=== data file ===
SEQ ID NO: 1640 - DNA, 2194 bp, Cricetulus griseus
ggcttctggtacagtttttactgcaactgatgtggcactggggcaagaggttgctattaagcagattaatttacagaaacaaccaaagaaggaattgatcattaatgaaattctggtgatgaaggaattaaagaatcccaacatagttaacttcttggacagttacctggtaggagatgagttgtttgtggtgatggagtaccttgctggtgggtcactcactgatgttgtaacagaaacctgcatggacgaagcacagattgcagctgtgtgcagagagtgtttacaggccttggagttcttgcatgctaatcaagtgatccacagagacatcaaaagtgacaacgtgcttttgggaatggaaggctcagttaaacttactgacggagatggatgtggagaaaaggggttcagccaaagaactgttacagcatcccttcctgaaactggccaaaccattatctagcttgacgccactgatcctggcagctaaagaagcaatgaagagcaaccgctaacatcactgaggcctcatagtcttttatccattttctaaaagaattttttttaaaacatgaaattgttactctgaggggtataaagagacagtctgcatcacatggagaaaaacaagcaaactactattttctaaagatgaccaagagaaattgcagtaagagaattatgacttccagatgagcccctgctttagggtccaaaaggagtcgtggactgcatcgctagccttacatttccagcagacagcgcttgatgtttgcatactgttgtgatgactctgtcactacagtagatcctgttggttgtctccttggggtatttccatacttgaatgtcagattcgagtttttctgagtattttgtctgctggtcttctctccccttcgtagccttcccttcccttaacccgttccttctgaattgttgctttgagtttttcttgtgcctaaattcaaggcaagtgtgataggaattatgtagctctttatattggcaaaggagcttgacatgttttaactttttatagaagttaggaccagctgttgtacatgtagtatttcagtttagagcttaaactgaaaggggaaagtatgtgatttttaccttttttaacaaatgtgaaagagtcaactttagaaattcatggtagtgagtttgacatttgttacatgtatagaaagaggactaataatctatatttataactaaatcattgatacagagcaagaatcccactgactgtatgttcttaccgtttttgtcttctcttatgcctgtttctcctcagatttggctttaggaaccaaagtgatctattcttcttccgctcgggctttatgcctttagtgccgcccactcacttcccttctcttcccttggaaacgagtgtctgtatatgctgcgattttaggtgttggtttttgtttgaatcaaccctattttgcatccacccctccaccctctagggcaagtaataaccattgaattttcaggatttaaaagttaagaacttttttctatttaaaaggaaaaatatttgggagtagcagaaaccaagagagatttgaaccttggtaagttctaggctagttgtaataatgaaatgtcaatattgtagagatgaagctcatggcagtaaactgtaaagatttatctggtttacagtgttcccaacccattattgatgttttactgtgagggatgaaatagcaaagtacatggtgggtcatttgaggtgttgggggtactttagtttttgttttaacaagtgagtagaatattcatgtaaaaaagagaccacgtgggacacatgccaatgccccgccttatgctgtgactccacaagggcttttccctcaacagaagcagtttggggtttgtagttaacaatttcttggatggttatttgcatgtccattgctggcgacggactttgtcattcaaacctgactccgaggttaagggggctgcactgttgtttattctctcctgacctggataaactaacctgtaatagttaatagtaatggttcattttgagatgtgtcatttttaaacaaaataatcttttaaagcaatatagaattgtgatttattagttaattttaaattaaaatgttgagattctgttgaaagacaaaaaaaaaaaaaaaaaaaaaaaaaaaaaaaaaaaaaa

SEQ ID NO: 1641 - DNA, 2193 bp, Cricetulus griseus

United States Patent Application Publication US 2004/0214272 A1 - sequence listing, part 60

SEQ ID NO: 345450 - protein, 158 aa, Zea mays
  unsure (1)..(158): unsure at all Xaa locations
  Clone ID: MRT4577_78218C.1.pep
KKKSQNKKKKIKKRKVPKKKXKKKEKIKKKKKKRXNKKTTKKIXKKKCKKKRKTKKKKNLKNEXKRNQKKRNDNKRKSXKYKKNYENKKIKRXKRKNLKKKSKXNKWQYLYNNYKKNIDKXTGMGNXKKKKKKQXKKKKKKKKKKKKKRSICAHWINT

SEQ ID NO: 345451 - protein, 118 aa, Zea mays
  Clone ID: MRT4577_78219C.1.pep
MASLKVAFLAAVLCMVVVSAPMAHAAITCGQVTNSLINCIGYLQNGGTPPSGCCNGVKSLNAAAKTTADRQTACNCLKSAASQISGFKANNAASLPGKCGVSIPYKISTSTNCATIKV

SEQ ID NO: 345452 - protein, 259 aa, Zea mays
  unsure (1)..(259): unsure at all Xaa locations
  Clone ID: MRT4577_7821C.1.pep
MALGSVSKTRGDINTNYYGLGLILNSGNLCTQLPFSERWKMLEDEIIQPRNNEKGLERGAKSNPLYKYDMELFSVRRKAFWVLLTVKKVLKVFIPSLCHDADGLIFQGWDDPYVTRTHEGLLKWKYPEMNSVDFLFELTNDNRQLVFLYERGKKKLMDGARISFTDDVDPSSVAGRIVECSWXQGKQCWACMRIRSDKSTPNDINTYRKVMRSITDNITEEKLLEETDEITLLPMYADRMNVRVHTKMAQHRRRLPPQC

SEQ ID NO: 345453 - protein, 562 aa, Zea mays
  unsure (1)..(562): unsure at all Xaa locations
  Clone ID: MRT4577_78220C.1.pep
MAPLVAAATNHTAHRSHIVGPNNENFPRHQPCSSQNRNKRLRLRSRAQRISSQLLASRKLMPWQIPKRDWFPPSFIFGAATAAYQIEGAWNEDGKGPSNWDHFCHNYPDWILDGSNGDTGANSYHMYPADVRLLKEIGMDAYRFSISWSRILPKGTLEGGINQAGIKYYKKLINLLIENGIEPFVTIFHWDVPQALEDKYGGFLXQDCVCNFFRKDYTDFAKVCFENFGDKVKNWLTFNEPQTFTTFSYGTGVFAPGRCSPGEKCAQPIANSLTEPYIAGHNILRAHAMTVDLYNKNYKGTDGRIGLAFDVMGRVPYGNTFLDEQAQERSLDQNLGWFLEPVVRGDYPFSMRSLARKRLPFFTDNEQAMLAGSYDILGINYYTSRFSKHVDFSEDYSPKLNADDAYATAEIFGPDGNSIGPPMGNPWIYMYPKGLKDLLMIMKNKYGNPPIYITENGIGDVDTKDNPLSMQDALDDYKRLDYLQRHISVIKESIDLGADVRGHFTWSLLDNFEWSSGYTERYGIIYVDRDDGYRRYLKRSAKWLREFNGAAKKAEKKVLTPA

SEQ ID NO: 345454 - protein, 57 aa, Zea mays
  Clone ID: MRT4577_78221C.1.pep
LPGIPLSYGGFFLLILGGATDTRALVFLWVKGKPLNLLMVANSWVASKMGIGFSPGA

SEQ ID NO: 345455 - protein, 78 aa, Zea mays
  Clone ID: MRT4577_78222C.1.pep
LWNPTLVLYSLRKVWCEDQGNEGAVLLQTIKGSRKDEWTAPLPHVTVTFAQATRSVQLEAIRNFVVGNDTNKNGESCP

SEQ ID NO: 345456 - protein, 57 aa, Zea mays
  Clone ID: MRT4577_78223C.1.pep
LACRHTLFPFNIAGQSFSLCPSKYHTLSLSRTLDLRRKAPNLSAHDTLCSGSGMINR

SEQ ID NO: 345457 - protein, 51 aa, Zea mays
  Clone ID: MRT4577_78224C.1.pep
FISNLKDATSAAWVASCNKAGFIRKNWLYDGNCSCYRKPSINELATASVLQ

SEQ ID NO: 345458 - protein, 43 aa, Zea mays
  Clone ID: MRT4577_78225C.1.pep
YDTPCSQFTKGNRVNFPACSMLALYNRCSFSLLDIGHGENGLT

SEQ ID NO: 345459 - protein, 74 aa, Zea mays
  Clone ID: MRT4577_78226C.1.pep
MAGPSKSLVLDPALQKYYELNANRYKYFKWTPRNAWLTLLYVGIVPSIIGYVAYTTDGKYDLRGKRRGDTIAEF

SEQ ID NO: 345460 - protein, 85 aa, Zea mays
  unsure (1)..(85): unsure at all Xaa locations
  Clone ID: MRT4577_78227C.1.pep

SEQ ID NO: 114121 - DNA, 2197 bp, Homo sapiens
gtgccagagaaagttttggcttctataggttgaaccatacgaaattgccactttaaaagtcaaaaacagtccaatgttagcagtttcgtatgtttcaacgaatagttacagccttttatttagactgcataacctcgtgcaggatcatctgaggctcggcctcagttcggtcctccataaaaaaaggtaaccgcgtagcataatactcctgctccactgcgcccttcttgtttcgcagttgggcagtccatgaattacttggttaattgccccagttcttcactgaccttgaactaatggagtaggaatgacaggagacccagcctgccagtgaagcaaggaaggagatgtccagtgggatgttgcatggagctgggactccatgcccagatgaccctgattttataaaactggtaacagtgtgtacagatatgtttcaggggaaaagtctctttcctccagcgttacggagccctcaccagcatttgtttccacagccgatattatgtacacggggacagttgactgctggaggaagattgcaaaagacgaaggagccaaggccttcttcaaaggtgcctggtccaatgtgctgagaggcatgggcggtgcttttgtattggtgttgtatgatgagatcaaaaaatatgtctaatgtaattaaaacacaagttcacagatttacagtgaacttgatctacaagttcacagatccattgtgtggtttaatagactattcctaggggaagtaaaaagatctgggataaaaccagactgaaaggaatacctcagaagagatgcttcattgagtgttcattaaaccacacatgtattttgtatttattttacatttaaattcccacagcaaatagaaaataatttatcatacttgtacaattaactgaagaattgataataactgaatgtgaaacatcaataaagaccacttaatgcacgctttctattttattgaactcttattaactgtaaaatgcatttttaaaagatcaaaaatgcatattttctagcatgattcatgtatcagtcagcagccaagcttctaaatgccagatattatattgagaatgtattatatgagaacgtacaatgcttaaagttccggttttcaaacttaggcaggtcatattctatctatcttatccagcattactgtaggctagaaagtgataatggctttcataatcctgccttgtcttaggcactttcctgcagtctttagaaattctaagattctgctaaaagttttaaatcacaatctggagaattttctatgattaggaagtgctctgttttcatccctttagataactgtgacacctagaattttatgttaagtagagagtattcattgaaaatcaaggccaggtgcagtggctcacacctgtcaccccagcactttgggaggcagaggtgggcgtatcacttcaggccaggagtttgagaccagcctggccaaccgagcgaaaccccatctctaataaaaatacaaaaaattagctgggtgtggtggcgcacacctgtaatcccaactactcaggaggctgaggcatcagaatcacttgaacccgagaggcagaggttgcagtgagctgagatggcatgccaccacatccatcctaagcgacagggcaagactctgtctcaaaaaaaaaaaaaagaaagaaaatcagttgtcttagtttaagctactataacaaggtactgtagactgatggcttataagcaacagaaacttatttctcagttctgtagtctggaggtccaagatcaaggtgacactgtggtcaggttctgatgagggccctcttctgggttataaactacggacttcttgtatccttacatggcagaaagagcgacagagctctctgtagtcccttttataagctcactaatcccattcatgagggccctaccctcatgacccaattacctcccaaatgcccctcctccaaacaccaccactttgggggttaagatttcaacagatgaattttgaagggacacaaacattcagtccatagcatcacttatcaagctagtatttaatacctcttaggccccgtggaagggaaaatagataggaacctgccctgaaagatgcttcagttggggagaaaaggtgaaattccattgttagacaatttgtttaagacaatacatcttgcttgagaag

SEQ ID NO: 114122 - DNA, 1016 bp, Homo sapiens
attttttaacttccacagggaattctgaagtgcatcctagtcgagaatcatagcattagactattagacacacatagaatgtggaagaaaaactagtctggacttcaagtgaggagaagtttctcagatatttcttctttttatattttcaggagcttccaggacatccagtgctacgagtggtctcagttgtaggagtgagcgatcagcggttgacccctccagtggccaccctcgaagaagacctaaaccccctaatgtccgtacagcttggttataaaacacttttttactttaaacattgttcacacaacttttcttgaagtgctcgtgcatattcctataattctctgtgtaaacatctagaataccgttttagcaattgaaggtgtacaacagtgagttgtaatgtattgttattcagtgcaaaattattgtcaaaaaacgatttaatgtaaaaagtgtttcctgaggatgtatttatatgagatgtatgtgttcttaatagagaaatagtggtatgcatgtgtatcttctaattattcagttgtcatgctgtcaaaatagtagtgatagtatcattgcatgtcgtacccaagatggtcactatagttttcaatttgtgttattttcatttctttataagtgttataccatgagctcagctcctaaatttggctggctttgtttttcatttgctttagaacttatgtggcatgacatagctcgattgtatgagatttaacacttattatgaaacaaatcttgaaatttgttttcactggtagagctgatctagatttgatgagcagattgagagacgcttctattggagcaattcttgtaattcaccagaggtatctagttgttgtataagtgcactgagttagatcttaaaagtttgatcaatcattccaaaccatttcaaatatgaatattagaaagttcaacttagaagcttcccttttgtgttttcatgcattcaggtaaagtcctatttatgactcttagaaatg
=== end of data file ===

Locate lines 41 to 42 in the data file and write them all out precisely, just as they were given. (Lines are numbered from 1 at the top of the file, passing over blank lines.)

SEQ ID NO: 114121 - DNA, 2197 bp, Homo sapiens
gtgccagagaaagttttggcttctataggttgaaccatacgaaattgccactttaaaagtcaaaaacagtccaatgttagcagtttcgtatgtttcaacgaatagttacagccttttatttagactgcataacctcgtgcaggatcatctgaggctcggcctcagttcggtcctccataaaaaaaggtaaccgcgtagcataatactcctgctccactgcgcccttcttgtttcgcagttgggcagtccatgaattacttggttaattgccccagttcttcactgaccttgaactaatggagtaggaatgacaggagacccagcctgccagtgaagcaaggaaggagatgtccagtgggatgttgcatggagctgggactccatgcccagatgaccctgattttataaaactggtaacagtgtgtacagatatgtttcaggggaaaagtctctttcctccagcgttacggagccctcaccagcatttgtttccacagccgatattatgtacacggggacagttgactgctggaggaagattgcaaaagacgaaggagccaaggccttcttcaaaggtgcctggtccaatgtgctgagaggcatgggcggtgcttttgtattggtgttgtatgatgagatcaaaaaatatgtctaatgtaattaaaacacaagttcacagatttacagtgaacttgatctacaagttcacagatccattgtgtggtttaatagactattcctaggggaagtaaaaagatctgggataaaaccagactgaaaggaatacctcagaagagatgcttcattgagtgttcattaaaccacacatgtattttgtatttattttacatttaaattcccacagcaaatagaaaataatttatcatacttgtacaattaactgaagaattgataataactgaatgtgaaacatcaataaagaccacttaatgcacgctttctattttattgaactcttattaactgtaaaatgcatttttaaaagatcaaaaatgcatattttctagcatgattcatgtatcagtcagcagccaagcttctaaatgccagatattatattgagaatgtattatatgagaacgtacaatgcttaaagttccggttttcaaacttaggcaggtcatattctatctatcttatccagcattactgtaggctagaaagtgataatggctttcataatcctgccttgtcttaggcactttcctgcagtctttagaaattctaagattctgctaaaagttttaaatcacaatctggagaattttctatgattaggaagtgctctgttttcatccctttagataactgtgacacctagaattttatgttaagtagagagtattcattgaaaatcaaggccaggtgcagtggctcacacctgtcaccccagcactttgggaggcagaggtgggcgtatcacttcaggccaggagtttgagaccagcctggccaaccgagcgaaaccccatctctaataaaaatacaaaaaattagctgggtgtggtggcgcacacctgtaatcccaactactcaggaggctgaggcatcagaatcacttgaacccgagaggcagaggttgcagtgagctgagatggcatgccaccacatccatcctaagcgacagggcaagactctgtctcaaaaaaaaaaaaaagaaagaaaatcagttgtcttagtttaagctactataacaaggtactgtagactgatggcttataagcaacagaaacttatttctcagttctgtagtctggaggtccaagatcaaggtgacactgtggtcaggttctgatgagggccctcttctgggttataaactacggacttcttgtatccttacatggcagaaagagcgacagagctctctgtagtcccttttataagctcactaatcccattcatgagggccctaccctcatgacccaattacctcccaaatgcccctcctccaaacaccaccactttgggggttaagatttcaacagatgaattttgaagggacacaaacattcagtccatagcatcacttatcaagctagtatttaatacctcttaggccccgtggaagggaaaatagataggaacctgccctgaaagatgcttcagttggggagaaaaggtgaaattccattgttagacaatttgtttaagacaatacatcttgcttgagaag